February 2009 - Vol. 27

Mary of Bethany by Jeanne Kun, cont.

Mary’s deed shows us some beautiful truths: Love never calculates, but wants to give the utmost. Though prudence might caution that this gesture was an extravagant waste, love obeys the promptings of the heart. A gift is truly a gift when it is accompanied by sacrifice.

All the evangelists noted that the apostles were indignant at Mary’s extravagance. While their thought that the poor could have been better served by this money was well-intended (Matthew 26:8-9; Mark 14:4-5; John 12:4-5), their complaint against Mary shows that they missed the point of her symbolic action. Jesus himself interpreted Mary’s “beautiful” deed to them, explaining that the anointing was a preparation for his burial (Matthew 26:10, 12; Mark 14:6, 8). At Jesus’ birth the Magi had presented the gift of myrrh (Matthew 2:11) commonly used when wrapping a body in the burial shroud, which foreshadowed Jesus’ death. Now Jesus attached the same significance to Mary’s deed of anointing him with pure nard.

Mary’s gesture was spontaneous, probably done on the spur of the moment, yet it grew out of a long-practiced attentiveness to Jesus. The apostles had not understood when Jesus spoke directly to them about his impending passion (Luke 18:31-34). But perhaps Mary, with her fine sensitivity, sensed that he was troubled by the trials through which he was soon to pass and thus sought to comfort him with this loving favor. 

Little did Mary imagine as she knelt at the feet of Jesus, anointing them and wiping them with her hair, that her action would become famous and her name known for generations to come. Her sole thought was to show the Lord how much she loved him. Treasuring her love, Jesus honored Mary and promised that “wherever this gospel is preached in the whole world, what she has done will be told in memory of her” (Matthew 26:13; Mark 14:9). In the spreading of the story of Mary’s beautiful deed throughout the whole world prefigured by the spreading of the sweet fragrance of the perfume throughout the house (John 12:3) Jesus’ prophecy has indeed been richly fulfilled:

Wherever in the world you may go, everyone respectfully listens to the story of her good service. . . . And yet hers was not an extraordinary deed, nor was she a distinguished person, nor was there a large audience, nor was the place one where she could easily be seen. She made no entrance onto a theater stage to perform her service but did her good deed in a private house. Nevertheless . . . today she is more illustrious than any king or queen; no passage of years has buried in oblivion this service she performed. (St. John Chrysostom, Adversus Iudaeos, V, 2)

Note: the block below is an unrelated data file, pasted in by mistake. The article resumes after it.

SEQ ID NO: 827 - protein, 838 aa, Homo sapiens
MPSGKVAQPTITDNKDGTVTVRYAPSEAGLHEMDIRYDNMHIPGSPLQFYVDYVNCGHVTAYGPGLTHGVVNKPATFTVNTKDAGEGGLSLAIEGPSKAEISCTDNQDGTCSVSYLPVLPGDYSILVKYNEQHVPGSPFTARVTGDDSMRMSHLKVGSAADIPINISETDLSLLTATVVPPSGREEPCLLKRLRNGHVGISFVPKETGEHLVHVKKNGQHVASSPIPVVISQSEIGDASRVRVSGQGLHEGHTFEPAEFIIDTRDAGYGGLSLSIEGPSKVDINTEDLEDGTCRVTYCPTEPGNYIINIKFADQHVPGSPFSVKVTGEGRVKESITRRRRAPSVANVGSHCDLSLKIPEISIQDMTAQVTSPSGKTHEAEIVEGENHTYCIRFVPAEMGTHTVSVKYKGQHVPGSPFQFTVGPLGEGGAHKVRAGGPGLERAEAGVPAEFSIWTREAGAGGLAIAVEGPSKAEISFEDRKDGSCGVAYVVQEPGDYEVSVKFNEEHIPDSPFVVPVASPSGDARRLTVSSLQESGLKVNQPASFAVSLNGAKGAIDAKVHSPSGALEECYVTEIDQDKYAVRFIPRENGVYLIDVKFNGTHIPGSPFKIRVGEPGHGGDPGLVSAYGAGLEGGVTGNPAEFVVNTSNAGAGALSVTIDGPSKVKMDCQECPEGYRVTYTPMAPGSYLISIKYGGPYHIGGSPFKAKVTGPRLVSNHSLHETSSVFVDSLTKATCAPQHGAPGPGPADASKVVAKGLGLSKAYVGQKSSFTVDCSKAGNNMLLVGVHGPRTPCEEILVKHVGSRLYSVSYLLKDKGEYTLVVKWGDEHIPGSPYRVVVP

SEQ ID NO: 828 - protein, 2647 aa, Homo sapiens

Excerpted from My Lord and My God! A Scriptural Journey with the Followers of Jesus by Jeanne Kun (The Word Among Us Press, © 2004).  Used with permission.

This book can be ordered online at www.wau.org.


photo by Br. Gilbert Pretto

The Scene

Mark 14:3-9 
14:3 And while he was at Bethany in the house of Simon the leper, as he sat at table, a woman came with an alabaster jar of ointment of pure nard, very costly, and she broke the jar and poured it over his head. 4 But there were some who said to themselves indignantly, “Why was the ointment thus wasted? 5 For this ointment might have been sold for more than three hundred denarii, and given to the poor.” And they reproached her. 6 But Jesus said, “Let her alone; why do you trouble her? She has done a beautiful thing to me. 7 For you always have the poor with you, and whenever you will, you can do good to them; but you will not always have me. 8 She has done what she could; she has anointed my body beforehand for burying. 9 And truly, I say to you, wherever the gospel is preached in the whole world, what she has done will be told in memory of her.” 

See also Matthew 26:6-13; John 12:1-8

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